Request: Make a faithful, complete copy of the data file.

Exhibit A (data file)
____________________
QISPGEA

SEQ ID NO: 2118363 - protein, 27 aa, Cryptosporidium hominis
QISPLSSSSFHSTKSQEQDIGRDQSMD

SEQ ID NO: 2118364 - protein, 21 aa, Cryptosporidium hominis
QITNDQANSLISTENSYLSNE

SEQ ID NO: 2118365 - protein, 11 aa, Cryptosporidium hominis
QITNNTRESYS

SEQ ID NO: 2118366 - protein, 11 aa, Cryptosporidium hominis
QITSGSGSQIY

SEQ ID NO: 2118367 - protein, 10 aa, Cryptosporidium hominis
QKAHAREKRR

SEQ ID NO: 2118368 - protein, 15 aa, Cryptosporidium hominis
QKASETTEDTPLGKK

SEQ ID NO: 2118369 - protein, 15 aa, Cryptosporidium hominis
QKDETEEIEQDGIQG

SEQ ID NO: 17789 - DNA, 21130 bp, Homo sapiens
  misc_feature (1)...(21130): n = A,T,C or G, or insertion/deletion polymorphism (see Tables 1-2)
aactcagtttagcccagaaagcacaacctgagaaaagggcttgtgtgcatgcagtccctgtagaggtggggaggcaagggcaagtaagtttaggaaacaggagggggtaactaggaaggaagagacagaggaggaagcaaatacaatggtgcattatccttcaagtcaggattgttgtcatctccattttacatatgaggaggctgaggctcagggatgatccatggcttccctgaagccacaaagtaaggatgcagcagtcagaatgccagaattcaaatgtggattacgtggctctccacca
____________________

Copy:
QISPGEA

SEQ ID NO: 2118363 - protein, 27 aa, Cryptosporidium hominis
QISPLSSSSFHSTKSQEQDIGRDQSMD

SEQ ID NO: 2118364 - protein, 21 aa, Cryptosporidium hominis
QITNDQANSLISTENSYLSNE

SEQ ID NO: 2118365 - protein, 11 aa, Cryptosporidium hominis
QITNNTRESYS

SEQ ID NO: 2118366 - protein, 11 aa, Cryptosporidium hominis
QITSGSGSQIY

SEQ ID NO: 2118367 - protein, 10 aa, Cryptosporidium hominis
QKAHAREKRR

SEQ ID NO: 2118368 - protein, 15 aa, Cryptosporidium hominis
QKASETTEDTPLGKK

SEQ ID NO: 2118369 - protein, 15 aa, Cryptosporidium hominis
QKDETEEIEQDGIQG

SEQ ID NO: 17789 - DNA, 21130 bp, Homo sapiens
  misc_feature (1)...(21130): n = A,T,C or G, or insertion/deletion polymorphism (see Tables 1-2)
aactcagtttagcccagaaagcacaacctgagaaaagggcttgtgtgcatgcagtccctgtagaggtggggaggcaagggcaagtaagtttaggaaacaggagggggtaactaggaaggaagagacagaggaggaagcaaatacaatggtgcattatccttcaagtcaggattgttgtcatctccattttacatatgaggaggctgaggctcagggatgatccatggcttccctgaagccacaaagtaaggatgcagcagtcagaatgccagaattcaaatgtggattacgtggctctccacca